McClelland & Stewart
It’s also diseased.
The Fix tracks the illness, gambling and match-fixing, throughout the world from Accra to Aberdeen, Norwich to Nairobi, and for romantic football supporters, it’s an alarming and disorienting journey. When most fans think of match-fixing in sport, they start imagining the bare-knuckle boxing matches of movies of Brad Bitt; they’re loathe to think of their own team, their own tribal gods, as money-suckling whores. “Football? And my football team? Bollocks. No way.” I know, because I’m one of them.
Unlike many things I read, I was scared, truly terrified to read this book. I am an ardent supporter of Liverpool FC, arguably the most successful English club of all time (Manchester United supporters might dispute this claim, but when you go tit-for-tat, championships and trophies won . . . well, I’ll let you Red Devils supporters do the math), and on my 27th birthday I saw them come back from a 3-0 deficit to win the greatest final in European football – Liverpool FC v. AC Milan, May 25, 2005. For those who saw the match, they know of what I speak; for those who didn’t, well, I’ve got the DVD. It was one of those matches that reminded us all why we love the game so much, why it means what it does, why tears are shed and curses are tossed.
One of the things I read in The Fix was that in fixed games heavy scores often pad the first half. When I read this, I choked. I actually felt physically ill. Was the best game I had ever seen a lie? AC Milan scored three goals in the first half, one of them in the first minute. I didn’t care that I was only 1/10 into the book, I flipped to the index and saw, to my horror, my absolute horror, that the 2005 Champions League final was listed as an entry under Liverpool FC. I went to the section, and I read it. I needed to, I had to, despite waves of nausea and heart-palpitating terror. And because I’m an absolute bastard, I’m not going to tell you what I read. This is something that needs to be experienced by oneself.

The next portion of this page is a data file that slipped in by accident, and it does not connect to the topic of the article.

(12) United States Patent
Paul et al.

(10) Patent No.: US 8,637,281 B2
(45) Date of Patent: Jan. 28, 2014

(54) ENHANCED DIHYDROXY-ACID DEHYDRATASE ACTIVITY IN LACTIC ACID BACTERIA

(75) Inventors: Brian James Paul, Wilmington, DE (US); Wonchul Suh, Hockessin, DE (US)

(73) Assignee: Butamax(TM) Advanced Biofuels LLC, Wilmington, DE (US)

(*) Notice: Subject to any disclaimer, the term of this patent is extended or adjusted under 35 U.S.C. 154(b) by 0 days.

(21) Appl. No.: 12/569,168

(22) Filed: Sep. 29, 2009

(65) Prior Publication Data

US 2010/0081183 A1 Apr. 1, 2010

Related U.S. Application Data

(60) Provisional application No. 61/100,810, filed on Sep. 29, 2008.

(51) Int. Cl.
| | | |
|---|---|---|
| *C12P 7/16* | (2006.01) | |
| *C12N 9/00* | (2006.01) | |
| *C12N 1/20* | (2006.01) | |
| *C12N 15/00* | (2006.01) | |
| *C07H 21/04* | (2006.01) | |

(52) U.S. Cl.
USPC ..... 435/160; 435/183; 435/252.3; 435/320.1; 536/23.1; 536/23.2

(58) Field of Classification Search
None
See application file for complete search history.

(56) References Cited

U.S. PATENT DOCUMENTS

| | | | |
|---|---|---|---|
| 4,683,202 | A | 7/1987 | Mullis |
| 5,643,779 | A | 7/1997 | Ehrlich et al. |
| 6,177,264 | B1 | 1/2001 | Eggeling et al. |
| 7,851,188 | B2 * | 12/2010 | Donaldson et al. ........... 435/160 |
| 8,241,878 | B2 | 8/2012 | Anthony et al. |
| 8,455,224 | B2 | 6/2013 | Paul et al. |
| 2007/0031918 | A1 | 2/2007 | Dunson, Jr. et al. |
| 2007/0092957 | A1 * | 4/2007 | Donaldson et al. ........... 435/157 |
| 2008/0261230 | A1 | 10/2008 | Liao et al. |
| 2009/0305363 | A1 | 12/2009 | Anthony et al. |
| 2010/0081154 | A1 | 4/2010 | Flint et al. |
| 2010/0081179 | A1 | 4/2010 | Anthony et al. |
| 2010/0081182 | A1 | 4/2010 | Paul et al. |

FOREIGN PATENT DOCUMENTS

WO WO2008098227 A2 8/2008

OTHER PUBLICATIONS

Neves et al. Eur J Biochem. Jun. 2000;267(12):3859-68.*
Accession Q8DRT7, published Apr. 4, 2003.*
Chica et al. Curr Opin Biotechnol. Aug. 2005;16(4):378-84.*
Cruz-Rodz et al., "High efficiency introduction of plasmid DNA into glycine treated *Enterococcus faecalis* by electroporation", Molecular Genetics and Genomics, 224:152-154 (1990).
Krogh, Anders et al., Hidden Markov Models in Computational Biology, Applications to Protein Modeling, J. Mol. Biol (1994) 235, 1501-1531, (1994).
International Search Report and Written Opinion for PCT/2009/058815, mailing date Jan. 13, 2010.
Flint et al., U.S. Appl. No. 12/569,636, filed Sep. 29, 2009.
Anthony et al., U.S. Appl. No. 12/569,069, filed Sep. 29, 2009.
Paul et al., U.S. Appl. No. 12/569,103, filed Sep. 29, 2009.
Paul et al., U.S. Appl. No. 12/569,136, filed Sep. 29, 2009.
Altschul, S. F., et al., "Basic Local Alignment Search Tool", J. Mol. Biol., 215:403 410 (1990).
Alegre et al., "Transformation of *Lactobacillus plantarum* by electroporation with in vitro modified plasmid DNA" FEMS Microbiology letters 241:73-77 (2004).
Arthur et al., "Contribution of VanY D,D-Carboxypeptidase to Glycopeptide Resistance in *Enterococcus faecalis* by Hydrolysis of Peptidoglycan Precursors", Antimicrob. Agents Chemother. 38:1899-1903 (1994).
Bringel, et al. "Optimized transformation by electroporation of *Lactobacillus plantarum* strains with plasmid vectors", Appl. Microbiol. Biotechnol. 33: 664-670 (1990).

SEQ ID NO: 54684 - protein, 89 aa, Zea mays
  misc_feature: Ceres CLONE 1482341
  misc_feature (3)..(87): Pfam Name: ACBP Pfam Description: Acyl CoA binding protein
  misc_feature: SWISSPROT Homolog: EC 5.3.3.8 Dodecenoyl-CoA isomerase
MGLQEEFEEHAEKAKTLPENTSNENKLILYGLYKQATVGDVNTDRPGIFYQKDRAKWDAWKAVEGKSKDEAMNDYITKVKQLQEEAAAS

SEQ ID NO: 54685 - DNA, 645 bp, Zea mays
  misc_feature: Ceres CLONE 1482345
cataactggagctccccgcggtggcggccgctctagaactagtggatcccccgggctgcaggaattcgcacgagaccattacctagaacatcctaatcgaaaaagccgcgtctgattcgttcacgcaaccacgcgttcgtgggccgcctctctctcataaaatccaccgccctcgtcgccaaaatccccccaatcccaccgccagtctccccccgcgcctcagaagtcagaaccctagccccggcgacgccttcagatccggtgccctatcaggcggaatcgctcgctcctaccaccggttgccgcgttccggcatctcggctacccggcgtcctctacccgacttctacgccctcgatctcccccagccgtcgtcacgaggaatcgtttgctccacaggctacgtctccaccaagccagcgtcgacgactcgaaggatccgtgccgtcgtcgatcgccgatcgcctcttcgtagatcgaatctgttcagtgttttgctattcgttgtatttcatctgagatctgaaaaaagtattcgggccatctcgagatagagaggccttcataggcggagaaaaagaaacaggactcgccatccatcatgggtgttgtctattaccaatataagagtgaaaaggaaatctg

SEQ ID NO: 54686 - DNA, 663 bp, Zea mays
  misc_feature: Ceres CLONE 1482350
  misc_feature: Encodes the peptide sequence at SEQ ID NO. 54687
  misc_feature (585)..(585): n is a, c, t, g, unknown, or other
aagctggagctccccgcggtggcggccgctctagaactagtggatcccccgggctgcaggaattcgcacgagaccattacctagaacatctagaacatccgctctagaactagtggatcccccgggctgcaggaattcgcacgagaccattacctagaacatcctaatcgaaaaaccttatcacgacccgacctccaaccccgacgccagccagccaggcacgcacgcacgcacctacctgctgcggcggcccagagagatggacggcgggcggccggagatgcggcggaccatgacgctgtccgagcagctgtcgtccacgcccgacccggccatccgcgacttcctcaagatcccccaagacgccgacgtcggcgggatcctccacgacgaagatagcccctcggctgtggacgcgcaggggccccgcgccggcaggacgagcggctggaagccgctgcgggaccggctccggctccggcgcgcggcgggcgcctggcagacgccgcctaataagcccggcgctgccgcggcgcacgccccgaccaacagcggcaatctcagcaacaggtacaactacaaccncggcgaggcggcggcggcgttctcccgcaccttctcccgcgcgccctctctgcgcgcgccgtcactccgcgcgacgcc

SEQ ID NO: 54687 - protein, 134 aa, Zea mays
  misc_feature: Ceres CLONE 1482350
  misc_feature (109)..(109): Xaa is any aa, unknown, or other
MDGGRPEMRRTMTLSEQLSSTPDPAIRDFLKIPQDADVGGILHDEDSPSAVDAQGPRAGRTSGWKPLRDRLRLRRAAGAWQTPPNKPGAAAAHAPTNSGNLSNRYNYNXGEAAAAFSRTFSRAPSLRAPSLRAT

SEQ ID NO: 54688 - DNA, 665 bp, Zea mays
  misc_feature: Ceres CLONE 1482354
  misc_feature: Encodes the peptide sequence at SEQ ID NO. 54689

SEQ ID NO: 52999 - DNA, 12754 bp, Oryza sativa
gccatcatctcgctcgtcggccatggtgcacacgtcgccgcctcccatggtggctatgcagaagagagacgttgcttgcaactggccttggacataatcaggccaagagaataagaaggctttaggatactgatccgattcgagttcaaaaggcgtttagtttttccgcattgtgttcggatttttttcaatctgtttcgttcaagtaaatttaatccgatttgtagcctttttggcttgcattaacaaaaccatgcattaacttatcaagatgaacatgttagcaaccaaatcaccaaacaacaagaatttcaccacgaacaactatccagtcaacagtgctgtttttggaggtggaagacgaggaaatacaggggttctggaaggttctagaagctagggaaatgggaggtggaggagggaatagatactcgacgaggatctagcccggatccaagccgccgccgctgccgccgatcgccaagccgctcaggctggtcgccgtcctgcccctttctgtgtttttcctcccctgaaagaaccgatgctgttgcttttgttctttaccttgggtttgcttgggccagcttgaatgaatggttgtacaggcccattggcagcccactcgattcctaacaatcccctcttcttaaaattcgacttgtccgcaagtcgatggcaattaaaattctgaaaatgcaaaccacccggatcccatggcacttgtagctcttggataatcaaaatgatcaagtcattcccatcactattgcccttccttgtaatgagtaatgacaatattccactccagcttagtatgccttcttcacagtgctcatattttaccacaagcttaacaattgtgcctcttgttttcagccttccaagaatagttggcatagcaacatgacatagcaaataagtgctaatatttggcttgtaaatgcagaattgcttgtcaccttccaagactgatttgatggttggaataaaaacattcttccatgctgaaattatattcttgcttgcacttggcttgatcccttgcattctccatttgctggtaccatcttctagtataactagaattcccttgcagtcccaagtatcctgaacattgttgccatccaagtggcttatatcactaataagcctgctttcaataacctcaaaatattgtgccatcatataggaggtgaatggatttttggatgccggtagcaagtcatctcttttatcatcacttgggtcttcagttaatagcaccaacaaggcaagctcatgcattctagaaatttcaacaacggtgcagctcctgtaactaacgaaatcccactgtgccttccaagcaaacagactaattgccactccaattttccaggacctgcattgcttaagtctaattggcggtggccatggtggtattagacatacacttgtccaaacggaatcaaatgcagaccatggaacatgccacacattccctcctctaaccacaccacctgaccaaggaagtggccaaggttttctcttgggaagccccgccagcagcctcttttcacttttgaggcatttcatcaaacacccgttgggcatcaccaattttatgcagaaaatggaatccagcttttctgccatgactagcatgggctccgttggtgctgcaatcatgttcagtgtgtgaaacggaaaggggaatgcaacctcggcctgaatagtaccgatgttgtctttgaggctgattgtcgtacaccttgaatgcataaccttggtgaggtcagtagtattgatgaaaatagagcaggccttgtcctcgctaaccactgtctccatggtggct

The book is a brutal look into the world of gambling and match-fixing in football and how it is ruining the game. As Hill says, “I still love the Saturday-morning game between amateurs: the camaraderie and the fresh smell of grass. But the professional game leaves me cold.” I don’t blame him; it’s sickening to see what has happened to the world’s most popular sport almost throughout the world. Even in those countries and leagues in which the game is, in very broad strokes, impenetrable, the fix is in. Someone, somewhere is trying to ply their dollars to make sure they know the score.
The Fix is not without controversy. Since its release on Tuesday, the Ghana Football Association has decided to take legal action against Hill for his claims about the 2006 World Cup. FIFA, the international regulatory body of football, claims it will not be pursuing investigation into Hill’s allegations, despite pressure from the Ecuadorian football association. Bundesliga, the German premier league also accused of match-fixing in the book, has been eerily quiet, as has La liga.
It’s tempting to disseminate half of what Hill reveals in the book, but to be perfectly trite, it spoils the surprise, tension, horror, and disbelief. At times I yelled or laughed; I also groaned at some of the ridiculous turns of phrase, unabashed Anglophilia, or academese, yet the book kept me riveted. I was chained to it, a prisoner to its shocking truths. The book makes far too much sense to be the ravings of a conspiracy theorist; for a football supporter, it has the logic and pacing of the most sophisticated of political thrillers.
*One kicks the ball with one’s foot, i.e., it’s football. Soccer is an ancient abbreviation for “association football” to distinguish it from “rugby football”. I leave my comments for North American “football”, a sport where a huge number of overdrugged thugs smash each other in homoerotic six-second intervals covered in the latest of military-grade body armour, for another day.